By Tamasin Ford
IT is early in the morning and the sun has only just risen.
Fighters from Ivory Coast’s former rebel group stand along a river bank watching, as hundreds of people packed onto rafts cross the river to reach the safety of Liberia.
Just 50m of water separates Ivory Coast and Liberia at this crossing point.
Throughout the night, sounds of gunfire echoed across the divide. Liberians woke to a rush of refugees scrambling over the river to escape what they fear most — a return to civil war.
One of the men wearing army fatigues and a red beret talks on the phone as he shouts orders to people around him. He looks like he is the one in charge. Another with an AK-47 clasped in his hands stands nearby
They both head towards a motorbike by the edge of the river bank where a fellow fighter, with a rocket-propelled grenade draped over his shoulder, waits to drive them.
These men belong to the New Forces — the former rebel group from the north of Ivory Coast which is giving its backing to Alassane Ouattara, the man the UN says won November’s presidential elections.
But incumbent President Laurent Gbagbo has refused to step down —splitting the country along the same north-south divide that the election was intended to heal.
In 2002, the civil war left the rebels in charge of the north and the government army in control of the south.
As the refugees arrive, they explain how the New Forces secured the village across the border from north-eastern Liberian town of Buutuo.
One man says he saw the bodies of three government soldiers and so he fled with his entire family. The sounds of gunshots that morning were from the rebels, celebrating this small victory.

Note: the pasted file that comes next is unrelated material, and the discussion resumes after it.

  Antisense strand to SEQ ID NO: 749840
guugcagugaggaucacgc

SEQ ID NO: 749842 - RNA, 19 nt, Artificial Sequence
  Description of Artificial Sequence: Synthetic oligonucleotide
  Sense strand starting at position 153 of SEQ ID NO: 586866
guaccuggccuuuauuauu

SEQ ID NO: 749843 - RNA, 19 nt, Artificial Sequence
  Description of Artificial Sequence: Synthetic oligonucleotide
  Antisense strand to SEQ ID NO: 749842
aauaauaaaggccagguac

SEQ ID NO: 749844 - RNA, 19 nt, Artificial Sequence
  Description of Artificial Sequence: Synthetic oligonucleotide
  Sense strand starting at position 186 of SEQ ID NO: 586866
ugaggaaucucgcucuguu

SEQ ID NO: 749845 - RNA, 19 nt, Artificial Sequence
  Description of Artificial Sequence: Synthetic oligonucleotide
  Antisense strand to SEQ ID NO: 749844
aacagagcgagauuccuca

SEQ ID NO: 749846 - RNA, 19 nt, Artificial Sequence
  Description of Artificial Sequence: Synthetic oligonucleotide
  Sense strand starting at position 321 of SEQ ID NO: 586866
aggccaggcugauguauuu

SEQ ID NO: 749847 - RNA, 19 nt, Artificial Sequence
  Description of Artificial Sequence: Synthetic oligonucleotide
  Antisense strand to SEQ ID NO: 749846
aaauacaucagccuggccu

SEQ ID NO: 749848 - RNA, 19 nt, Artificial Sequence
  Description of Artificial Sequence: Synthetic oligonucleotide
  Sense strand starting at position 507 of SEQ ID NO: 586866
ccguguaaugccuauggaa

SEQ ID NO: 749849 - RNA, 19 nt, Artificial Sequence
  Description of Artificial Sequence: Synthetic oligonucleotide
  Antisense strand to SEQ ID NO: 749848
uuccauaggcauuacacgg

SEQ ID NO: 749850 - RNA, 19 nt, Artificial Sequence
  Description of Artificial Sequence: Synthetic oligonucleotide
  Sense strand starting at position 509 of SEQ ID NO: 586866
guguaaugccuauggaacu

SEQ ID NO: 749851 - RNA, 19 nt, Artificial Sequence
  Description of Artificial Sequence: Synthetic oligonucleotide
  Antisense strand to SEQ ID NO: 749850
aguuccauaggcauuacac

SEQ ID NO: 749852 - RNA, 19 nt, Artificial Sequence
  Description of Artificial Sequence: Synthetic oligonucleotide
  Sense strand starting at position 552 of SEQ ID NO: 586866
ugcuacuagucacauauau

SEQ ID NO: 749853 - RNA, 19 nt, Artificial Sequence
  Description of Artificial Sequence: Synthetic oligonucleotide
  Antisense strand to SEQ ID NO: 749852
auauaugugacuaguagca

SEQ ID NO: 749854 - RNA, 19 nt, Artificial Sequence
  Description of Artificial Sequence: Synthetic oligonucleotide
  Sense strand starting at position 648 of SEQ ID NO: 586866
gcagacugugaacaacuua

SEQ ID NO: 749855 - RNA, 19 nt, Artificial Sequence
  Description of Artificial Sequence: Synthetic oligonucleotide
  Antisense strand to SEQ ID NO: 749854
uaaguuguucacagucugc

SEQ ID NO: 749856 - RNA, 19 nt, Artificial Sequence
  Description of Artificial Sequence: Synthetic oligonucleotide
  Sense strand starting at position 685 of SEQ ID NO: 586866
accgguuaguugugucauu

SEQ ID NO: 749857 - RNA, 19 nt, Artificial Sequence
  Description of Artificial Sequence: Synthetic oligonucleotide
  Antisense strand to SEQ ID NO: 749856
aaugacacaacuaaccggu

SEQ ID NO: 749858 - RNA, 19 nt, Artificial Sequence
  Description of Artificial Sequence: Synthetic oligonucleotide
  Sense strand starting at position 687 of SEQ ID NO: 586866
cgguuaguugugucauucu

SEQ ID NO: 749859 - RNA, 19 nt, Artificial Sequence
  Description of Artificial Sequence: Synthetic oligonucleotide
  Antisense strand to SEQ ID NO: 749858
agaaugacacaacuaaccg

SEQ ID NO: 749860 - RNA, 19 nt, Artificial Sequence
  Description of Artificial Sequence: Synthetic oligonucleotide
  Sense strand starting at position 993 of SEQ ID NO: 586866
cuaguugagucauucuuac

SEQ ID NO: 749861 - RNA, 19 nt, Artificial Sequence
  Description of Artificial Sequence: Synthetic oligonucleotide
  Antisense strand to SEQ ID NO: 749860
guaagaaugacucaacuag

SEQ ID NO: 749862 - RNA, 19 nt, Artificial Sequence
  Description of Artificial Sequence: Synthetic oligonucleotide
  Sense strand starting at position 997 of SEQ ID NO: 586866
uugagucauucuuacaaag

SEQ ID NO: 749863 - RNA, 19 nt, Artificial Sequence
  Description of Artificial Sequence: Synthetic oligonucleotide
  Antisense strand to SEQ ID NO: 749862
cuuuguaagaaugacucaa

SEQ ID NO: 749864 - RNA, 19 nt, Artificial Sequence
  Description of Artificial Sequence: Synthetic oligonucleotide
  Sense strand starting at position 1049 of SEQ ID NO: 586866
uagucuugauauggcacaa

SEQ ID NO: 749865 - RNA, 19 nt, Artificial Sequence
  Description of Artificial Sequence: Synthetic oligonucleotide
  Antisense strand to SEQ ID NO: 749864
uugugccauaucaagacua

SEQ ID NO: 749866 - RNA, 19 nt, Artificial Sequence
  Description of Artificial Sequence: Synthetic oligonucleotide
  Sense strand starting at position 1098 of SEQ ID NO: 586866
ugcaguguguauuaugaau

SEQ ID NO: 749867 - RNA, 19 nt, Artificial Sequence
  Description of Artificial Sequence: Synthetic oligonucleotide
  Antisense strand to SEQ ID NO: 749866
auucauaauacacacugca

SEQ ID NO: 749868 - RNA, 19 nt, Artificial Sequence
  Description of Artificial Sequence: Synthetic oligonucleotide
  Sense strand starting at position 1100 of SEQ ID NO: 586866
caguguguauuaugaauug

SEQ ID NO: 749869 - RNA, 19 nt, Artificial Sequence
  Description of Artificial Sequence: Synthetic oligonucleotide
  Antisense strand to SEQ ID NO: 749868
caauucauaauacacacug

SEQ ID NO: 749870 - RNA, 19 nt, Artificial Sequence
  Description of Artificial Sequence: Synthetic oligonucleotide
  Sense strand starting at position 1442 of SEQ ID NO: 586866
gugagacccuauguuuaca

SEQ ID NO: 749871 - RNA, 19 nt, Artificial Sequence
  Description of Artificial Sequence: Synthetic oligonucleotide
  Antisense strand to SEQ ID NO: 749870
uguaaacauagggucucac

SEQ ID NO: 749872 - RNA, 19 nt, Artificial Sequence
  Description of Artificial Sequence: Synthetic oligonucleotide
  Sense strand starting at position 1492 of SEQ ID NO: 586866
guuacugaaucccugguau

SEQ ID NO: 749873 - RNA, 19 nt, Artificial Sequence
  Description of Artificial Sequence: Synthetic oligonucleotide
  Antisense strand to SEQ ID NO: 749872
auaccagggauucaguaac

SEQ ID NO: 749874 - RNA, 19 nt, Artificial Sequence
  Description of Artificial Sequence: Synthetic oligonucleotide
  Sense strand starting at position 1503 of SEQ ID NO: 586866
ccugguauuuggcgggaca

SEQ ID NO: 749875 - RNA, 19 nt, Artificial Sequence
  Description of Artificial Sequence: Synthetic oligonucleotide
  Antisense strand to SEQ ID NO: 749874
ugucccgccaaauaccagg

People on the Liberian side of the river then say they recognise one of the fighters by name.
“I served in the Liberia army before and I knew him then,” says an immigration official, pointing to the man with the red beret.
“He was someone fighting as militia in the former regime of (Charles) Taylor.”
There have been rumours of some Liberians crossing the border to fight, but until now, no-one has had evidence.
Another Liberian looking on claims he went to school with the man, who later went on to be a commander in Taylor’s rebel National Patriotic Front of Liberia group.
The man recently escaped from prison in the capital, Monrovia, where he had been convicted of rape.
No-one knows how many Liberians have crossed the border to fight, but one man gave me a piece of paper with the names of three Liberians who he personally knew were involved.
He said there have been promises of money and motorbikes to join either side in Ivory Coast.
It is thought this number could rise to a quarter of a million over the next few months.
Grago Malhn Michelle, a refugee from Bahieleu about 16km from the border, says he fled after an armed soldier came into his house.
“While I was in the room he came to me with a gun and a knife in his hand. I blocked the knife and it gashed my hand.
“These were government soldiers. There were no rebels in the village. After they did this to me, they took all my belongings and carried them.
“They just came to harass me and take things from me. I never did anything.”
Cecille Ougoun said she managed to grab only her children and their ID cards as she fled the Abobo area of the main city of Abidjan in the middle of the night.
Using the back roads and walking through the forests, it took her more than a week to reach here.
“They just forced the doors and entered to kill you,” she says.
“You can’t identify them. They are all wearing plain clothes.
“I saw too many dead bodies to count, dead bodies just everywhere. There were so many wounded.”
It has rained heavily over the last few days and most of the refugees are sleeping out in the open.
There are plans to move people to a newly built refugee camp about four hours away and further plans to start building more.
Villages away from the border have also been chosen as host communities, where Ivorians will live with Liberian families.
The government of Liberia, UN agencies and non-governmental organisations have begun mobilising food trucks.
Drugs and extra manpower are being sent to clinics along the border, while lorries loaded with blankets, jerry cans and tarpaulins are trudging through the mud-clogged roads.
People are working around the clock to try and avert a further crisis.— BBCOnline.